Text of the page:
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Thread: Workbenches and options for Tool Holding?

  1. #1
    Join Date
    Mar 2016
    Tokyo, Japan

    Workbenches and options for Tool Holding?

    I'm not sure the best terms here. This subject is covered only in passing in most conversation and even historical documents about woodworking, so I wanted to get a more detailed take on it.

    How do you store and mount tools that you want handy on your bench, provided you don't have a tool cabinet?

    Chisels, marking gauges, and squares, etc. I know are often attached to the back of the bench on a simple rack. That's easy enough.

    Saws are... attached how and where?

    Braces and bits?

    Planes, I think, are usually kept at the back of the bench or on the tool well, or a drawer or rack something below the bench?

    Oilstones...? Maybe in a drawer attached to the under side? Or in a tool box?



    I'm trying to figure out the best options for all of these on a small Continental / Sloyd style bench. The Sloyd style benches used in schools seem to often have a very tall backboard, allowing tools to be mounted on both the front and back.
    I think I might try this out, but I'm not sold on it yet and want to consider other options. Likely, I will have both a low (flush with the top) backboard and a higher Sloyd style one, try them both, and see what I like.

    I will have at most one drawer under the bench. Between the stretchers, I may put planks to create a low shelf or may even mount a simple tool chest, but besides that, I am trying to decide where to place tools that I want at hand...

    Namely, I'm not sure where or how to hang or put my saw (one or two that I use the most), oilstones, mallet, and brace, which I would like to keep handy.

    I'm also curious for those of you who have a single drawer under your bench: what do you put there? I'm guessing marking tools, bits, and maybe oilstones?

    In the past, I never put much thought to where to store tools and how to keep them handy, and this basically lead to my bench and floor in a constant state of clutter, and constant searching for where I left this or that thing. So, I'm trying to put some actual thought into it this time!
    Last edited by Luke Dupont; 11-25-2021 at 4:49 AM.

  2. #2
    There's a rapidly reached limit to what can be stored on or in the bench. I have a shelf for power tools between the trestle legs and a covered tool well for a bench hook, pinch gauge and a few infrequently used tools- I found the uncovered well just filled up with crap and was an impediment. A rack on the back of the bench would get in the way at times. I have a small cabinet hung above the bench for planes, scrapers, measuring tools and knives, a wall mounted tool board nearby and several toolboxes on carts. Bottom line, build a tool cabinet.

  3. I like to have a second bench or table opposite the workspace. All the tools for the active project are there right behind me, ready at hand but not in the way. ( as long as I remember to put them back there and not next to the workpiece!).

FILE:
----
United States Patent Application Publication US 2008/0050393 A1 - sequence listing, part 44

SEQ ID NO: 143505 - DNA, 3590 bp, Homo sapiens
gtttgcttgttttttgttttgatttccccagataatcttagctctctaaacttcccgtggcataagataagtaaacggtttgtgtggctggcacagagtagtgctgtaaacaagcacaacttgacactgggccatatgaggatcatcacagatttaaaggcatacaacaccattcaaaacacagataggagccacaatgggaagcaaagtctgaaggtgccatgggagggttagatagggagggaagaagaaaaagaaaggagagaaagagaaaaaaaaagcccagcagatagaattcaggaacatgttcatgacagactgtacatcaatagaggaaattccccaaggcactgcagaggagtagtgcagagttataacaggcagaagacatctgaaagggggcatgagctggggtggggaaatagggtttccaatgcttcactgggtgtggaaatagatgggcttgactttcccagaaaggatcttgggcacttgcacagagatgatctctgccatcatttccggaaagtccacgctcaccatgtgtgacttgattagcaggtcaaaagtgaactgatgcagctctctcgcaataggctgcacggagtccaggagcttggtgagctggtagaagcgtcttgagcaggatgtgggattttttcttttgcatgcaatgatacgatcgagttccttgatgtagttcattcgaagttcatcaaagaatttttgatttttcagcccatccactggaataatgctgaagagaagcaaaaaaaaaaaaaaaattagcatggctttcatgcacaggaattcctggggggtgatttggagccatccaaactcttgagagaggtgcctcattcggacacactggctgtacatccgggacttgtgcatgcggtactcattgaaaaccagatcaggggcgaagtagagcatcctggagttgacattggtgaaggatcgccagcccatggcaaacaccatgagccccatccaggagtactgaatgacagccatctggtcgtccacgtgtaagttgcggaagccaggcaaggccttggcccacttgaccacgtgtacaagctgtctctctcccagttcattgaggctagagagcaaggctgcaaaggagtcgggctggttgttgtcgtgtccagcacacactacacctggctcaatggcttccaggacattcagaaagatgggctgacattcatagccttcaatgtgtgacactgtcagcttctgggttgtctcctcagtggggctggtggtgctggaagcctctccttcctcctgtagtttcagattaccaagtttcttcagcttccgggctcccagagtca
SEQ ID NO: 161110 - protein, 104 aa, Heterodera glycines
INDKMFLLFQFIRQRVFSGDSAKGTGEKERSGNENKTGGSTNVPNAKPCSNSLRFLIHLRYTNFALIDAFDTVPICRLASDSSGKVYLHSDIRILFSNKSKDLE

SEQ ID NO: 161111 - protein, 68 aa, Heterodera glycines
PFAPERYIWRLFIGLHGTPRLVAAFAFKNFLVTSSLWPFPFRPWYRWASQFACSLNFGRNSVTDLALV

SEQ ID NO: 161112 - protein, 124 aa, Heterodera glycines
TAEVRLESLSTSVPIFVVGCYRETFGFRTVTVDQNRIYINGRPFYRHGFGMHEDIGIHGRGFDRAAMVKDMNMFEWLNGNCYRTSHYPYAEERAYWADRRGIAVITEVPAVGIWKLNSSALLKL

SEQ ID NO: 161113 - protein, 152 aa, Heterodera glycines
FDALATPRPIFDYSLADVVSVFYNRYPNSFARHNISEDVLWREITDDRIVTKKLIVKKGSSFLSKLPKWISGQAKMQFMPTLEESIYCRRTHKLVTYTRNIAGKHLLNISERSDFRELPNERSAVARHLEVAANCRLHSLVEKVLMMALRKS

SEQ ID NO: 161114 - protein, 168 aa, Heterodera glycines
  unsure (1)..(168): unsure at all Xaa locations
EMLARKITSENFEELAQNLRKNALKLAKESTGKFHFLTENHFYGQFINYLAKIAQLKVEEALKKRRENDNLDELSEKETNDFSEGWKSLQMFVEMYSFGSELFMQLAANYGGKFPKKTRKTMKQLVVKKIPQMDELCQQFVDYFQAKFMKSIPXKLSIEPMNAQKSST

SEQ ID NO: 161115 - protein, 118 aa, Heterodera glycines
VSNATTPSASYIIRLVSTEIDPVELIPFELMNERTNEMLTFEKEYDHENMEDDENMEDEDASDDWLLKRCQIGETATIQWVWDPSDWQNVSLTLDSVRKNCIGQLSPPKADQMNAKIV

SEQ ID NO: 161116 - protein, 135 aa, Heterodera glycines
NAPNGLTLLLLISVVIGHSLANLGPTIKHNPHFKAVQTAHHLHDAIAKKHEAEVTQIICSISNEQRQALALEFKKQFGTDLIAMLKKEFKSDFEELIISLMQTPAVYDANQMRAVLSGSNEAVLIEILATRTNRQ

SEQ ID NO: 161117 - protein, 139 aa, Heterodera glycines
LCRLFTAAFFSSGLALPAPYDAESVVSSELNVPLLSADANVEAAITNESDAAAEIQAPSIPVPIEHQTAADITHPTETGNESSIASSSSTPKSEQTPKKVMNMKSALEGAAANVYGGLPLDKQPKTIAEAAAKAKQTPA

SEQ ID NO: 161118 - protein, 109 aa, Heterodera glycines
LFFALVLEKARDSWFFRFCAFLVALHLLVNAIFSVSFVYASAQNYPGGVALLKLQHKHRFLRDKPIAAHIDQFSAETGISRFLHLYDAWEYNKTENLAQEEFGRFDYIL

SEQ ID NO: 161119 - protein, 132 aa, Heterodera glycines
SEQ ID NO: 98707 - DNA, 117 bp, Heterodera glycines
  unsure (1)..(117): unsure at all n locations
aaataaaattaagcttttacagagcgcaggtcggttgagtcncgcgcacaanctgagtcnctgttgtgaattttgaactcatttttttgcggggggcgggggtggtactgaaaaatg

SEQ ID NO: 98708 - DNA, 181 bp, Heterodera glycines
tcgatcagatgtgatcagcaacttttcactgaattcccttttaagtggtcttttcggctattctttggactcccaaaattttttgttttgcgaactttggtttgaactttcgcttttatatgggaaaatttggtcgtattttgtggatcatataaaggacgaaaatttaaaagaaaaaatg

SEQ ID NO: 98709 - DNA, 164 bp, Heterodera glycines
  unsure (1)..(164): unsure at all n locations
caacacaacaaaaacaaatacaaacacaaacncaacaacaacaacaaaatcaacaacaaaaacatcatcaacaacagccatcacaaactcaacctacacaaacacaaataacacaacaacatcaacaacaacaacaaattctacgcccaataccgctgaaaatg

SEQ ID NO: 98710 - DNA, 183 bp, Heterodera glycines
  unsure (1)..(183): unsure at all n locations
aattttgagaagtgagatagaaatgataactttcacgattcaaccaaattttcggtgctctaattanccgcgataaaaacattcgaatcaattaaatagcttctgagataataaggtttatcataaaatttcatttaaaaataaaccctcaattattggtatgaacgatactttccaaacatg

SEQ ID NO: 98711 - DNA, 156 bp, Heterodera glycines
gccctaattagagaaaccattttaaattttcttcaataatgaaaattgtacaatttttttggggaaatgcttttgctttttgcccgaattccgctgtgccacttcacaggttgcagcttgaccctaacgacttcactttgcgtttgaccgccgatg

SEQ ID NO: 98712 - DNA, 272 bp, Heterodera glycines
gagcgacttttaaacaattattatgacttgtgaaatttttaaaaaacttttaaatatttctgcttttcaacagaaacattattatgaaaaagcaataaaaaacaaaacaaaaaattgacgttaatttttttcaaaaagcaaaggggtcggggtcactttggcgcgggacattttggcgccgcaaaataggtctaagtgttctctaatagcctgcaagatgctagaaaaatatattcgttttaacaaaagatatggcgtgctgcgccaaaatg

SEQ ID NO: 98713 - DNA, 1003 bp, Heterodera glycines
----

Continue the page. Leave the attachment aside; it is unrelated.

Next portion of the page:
4. #4
    Join Date
    May 2021
    Spartanburg South Carolina
    The amount of times I need the entire surface of the bench width and more for making a door or window frame I wouldn't like anything projecting above the bench height. As mush as people don't like a tool well it is convenient to knock tools into when I need the flat top. I am thinking that I will make a nice tool cabinet to go on the wall right behind me. Still need to work out if there will be a base cabinet and a counter top that "stuff" will collect on. I may opt to avoid that catch all space.

  5. #5
    My goal is a cart on wheels with three custom toolboxes for hand tools. The top box would have a lid that opens to display chisels, plane. Boxes on shelves below would have drawers. Alas, it only exists in my head.

  6. #6
    Join Date
    Feb 2004
    Perth, Australia
    Luke, the issue with asking these questions is that tool storage is such a personal matter. What you get are examples of the solutions some here have found.

    I like tools on a wall for easy access. This works well in a build. My tool well is not attached to the bench but the wall, where it is out of the way, but still close enough to keep tools in current use ...

    I recently built a tool cabinet under the bench. This was more about preparing for a move in a few years, providing a reason to prioritise the tools I want to keep. It's time to thin the herd ...

    Some tools deserve a cabinet each. Saws ...

    ... and so on ...

    Regards from Perth


  7. #7
    I suggest that you research guitarmaking (luthier) benches. They are compact and usually hold most of the tools that a luther needs to build a guitar.

  8. #8
    Join Date
    Nov 2009
    Peoria, IL
    Tool placement is based on personal preferences and work flow. Some tools I have, I use about once a month. No need to have them on the back of the bench. In fact I store nothing in or on the bench. The tray is there to handle tools being used in each process.

  9. #9
    In my multi-purpose basement there is not an available wall near the bench and the bulk of my tools are a good half-dozen paces away and through a door. So I keep all of my primary stuff directly on the bench.

    Bench planes go below the bench on the shelf.

    I have a deep tool tray at one end of my bench. I put it there because I use both sides of my bench and it also doesn’t catch much debris there; it’s the most “out of the way” location. It stores things like measuring and marking tools, mallet and plane hammer, dogs, scrap of leather, knife, awl, and anything else smallish that I bring to the bench, like bits or an egg-beater, router plane, spokeshaves, etc. It has slots for my bench chisels, a combo square, and two slots to accommodate things like large chisels or backsaws. My carcass saw sits there permanently and other stuff goes in them when needed, but I normally keep that second slot free so that I can put really long boards on my bench (the tray is deep enough that objects don’t reach the height of the benchtop.

    On the backside of that tool tray are pegs that hold my brush, rip and crosscut hand saws, ¼” and ½” doe’s feet, and a strop.